Manual logging cranes are the entry option for loading heavier logs onto the logging trailer. They usually come with a hand-cranked winch and steel cable. The crane can be rotated to either side of the trailer and is adjustable in height and length.
When installing a crane, you must also get proper lateral support, or you will have tipping issues. Ideally, it should be possible to widen the support for even better stability.
5. Log trailer with hydraulic crane and grapple
For maximum forwarding capacity, you should consider getting a log trailer that’s fitted with a hydraulic loading crane.
These types of trailers come with a wide variety of features and practical accessories. Be aware that quality does vary quite a bit, even if they look very similar from a distance. On cheaper models, the crane is usually harder to operate smoothly, and the trailer may be lacking in overall build quality.
As a minimum the trailer should have:
- Hydraulically operated support legs to prevent tipping.
- An external motor and hydraulic pump aggregate that provides sufficient hydraulic capacity. This can be mounted on the ATV or maybe self-contained on the trailer.
- A quality crane with good reach and a rotating grapple.
- Quality ergonomic operating controls that attach to the back of the ATV or on the trailer drawbar. Look for a model with two four-way joysticks for the smoothest operation (only on high-end models)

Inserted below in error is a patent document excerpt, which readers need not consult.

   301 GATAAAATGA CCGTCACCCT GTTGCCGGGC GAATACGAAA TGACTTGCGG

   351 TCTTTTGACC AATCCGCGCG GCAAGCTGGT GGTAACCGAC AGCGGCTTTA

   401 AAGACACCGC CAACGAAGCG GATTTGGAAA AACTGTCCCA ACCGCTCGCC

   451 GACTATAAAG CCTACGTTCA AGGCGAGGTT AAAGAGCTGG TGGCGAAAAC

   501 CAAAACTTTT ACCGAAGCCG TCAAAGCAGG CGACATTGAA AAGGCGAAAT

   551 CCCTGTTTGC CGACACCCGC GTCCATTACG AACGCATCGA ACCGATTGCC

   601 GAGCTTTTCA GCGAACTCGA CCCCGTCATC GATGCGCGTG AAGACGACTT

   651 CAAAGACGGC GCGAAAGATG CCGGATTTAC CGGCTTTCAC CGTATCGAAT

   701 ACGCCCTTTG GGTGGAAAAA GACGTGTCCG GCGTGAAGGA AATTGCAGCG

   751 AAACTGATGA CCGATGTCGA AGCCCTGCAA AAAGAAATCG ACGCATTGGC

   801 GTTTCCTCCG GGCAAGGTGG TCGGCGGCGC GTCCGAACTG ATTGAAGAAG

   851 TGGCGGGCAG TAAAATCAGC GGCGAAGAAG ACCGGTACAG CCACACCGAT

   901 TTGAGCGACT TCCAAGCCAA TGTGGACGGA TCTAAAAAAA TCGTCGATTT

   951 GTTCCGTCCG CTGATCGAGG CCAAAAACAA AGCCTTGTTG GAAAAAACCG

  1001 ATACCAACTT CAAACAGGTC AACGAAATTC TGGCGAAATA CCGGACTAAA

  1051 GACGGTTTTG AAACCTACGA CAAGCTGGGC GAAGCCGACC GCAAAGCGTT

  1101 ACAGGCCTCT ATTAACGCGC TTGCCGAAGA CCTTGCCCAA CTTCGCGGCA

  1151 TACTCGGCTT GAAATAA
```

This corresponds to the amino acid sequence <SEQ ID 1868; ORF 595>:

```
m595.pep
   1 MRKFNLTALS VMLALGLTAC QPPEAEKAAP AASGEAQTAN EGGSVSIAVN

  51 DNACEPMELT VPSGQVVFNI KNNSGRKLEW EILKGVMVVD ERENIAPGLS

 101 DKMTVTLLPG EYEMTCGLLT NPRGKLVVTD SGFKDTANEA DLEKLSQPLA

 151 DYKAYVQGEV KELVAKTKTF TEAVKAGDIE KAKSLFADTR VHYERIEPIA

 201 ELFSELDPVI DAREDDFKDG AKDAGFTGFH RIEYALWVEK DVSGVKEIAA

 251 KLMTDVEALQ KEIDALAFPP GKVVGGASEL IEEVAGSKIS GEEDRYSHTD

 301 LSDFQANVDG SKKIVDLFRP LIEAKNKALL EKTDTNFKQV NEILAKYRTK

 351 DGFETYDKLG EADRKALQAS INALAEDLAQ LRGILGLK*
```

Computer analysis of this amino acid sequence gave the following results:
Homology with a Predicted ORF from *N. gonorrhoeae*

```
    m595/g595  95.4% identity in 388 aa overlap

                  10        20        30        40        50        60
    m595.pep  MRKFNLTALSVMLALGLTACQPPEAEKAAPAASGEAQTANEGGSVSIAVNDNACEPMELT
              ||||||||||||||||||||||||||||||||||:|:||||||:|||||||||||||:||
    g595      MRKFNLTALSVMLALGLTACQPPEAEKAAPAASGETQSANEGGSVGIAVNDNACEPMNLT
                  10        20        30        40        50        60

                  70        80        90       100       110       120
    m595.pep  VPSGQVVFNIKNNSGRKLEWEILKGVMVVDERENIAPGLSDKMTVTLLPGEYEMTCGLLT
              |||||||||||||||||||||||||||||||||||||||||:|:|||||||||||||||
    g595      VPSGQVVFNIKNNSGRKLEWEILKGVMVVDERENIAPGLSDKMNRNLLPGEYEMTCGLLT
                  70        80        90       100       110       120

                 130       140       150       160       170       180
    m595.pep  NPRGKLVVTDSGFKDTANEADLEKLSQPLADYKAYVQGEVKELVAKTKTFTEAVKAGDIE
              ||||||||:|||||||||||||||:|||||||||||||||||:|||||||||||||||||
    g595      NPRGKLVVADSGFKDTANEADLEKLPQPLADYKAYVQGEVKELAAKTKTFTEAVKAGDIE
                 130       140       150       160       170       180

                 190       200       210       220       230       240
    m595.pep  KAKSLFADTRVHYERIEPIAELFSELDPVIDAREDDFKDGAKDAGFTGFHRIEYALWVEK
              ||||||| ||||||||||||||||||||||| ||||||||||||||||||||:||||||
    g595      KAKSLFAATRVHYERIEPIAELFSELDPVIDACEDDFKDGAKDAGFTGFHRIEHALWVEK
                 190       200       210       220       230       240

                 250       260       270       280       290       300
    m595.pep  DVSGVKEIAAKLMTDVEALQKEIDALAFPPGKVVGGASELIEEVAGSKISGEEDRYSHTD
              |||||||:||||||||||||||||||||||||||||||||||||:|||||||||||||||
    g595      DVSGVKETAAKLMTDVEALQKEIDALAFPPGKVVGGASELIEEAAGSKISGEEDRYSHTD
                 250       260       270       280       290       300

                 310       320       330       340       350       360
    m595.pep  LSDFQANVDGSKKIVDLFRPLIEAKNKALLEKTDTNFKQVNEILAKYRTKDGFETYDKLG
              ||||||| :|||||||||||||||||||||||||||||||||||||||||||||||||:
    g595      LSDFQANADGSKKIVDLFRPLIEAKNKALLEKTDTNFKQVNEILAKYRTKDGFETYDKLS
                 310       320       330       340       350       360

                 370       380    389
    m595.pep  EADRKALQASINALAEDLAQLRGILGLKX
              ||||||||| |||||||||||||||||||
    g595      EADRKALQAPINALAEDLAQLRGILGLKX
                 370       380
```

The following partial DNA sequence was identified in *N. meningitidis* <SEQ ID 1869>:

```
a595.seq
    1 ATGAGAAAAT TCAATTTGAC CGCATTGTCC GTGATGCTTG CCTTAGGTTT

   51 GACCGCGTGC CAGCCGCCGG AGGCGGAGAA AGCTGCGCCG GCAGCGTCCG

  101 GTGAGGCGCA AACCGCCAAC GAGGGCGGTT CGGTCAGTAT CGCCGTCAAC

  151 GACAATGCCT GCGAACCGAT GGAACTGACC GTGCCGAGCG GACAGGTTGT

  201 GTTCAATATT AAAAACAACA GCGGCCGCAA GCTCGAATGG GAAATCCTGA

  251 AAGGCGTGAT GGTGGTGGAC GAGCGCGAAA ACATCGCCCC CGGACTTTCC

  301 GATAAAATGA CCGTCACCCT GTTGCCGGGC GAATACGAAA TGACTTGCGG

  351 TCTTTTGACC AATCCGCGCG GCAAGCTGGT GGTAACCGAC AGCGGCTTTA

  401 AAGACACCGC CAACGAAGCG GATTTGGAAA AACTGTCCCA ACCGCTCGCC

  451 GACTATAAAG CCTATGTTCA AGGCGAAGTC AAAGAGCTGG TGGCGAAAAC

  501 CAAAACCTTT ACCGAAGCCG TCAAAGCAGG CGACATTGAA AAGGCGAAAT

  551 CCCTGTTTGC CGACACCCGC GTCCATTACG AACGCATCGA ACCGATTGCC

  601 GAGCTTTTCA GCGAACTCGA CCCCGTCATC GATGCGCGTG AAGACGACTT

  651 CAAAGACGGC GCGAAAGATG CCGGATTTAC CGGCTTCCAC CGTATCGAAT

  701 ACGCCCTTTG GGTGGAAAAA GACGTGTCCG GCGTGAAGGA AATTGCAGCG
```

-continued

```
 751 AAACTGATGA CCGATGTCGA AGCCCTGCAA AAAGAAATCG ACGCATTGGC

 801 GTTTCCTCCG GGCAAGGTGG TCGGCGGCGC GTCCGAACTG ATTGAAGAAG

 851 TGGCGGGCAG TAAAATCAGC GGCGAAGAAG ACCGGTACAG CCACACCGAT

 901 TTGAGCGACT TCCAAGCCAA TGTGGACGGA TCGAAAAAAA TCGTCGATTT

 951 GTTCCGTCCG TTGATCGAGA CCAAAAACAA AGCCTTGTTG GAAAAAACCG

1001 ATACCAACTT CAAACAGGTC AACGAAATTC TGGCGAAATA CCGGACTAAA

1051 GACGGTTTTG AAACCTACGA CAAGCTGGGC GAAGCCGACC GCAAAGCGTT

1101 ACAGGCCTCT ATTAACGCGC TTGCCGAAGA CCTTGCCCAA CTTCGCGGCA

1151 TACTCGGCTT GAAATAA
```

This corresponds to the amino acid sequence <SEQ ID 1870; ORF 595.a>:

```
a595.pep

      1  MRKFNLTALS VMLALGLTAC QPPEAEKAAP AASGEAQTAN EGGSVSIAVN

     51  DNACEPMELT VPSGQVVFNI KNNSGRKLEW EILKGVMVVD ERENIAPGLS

Also, you can get a wide variety of practical upgrades and accessories. Availability depends on make and model. These features do drive the price up, so consider carefully what you really need for your operation.
- Hydraulic four wheels drive for better pulling capacity.
The system is called “Robson-drive” and basically consists of a metal drive wheel that turns the trailer wheels. See the above picture. The system works by friction and gets its power from a hydraulic motor, one on each side. With drive on the trailer wheels, you no longer have to worry about getting stuck under most logging conditions. With the logs’ weight pushing down, the trailer will basically provide all the traction it needs on its own. The systems also function as brakes when you need to go down steep hills. Attempting a steep decline with a fully loaded trailer with no brakes is one of the most common causes of ATV logging accidents.
- A hydraulic winch mounted to the crane boom.
Having a winch on the crane boom effectively extends the reach of your crane. An electric winch would also work, but you do not have to worry about the battery capacity with a hydraulic motor.
- Hydraulically controlled frame extension.
Most trailers come with the possibility to mechanically extend or shorten the frame to fit the length of wood you’re hauling. Some trailers do this with a hydraulic cylinder, which makes the system a lot more flexible. It gives you the possibility to adjust how much weight that goes to your bike’s trailer hitch with just the push of a lever.
- Hydraulic boom extension in the loading crane.
This feature effectively gives you extended reach.
- A 360-degree grapple rotator
Not all cranes come with the ability to rotate the grapple freely in a full 360-degree rotation. They stop just before making a full circle, and then you have to go back. You can get the job done without this feature, but it all comes down to efficiency.
- A hydraulic foldable drawbar for better maneuverability.
- A hydraulic felling grapple.
Some manufacturers offer hydraulic felling grapples that attach to the crane. This allows you to take down smaller logs efficiently and makes a great setup for thinning jobs.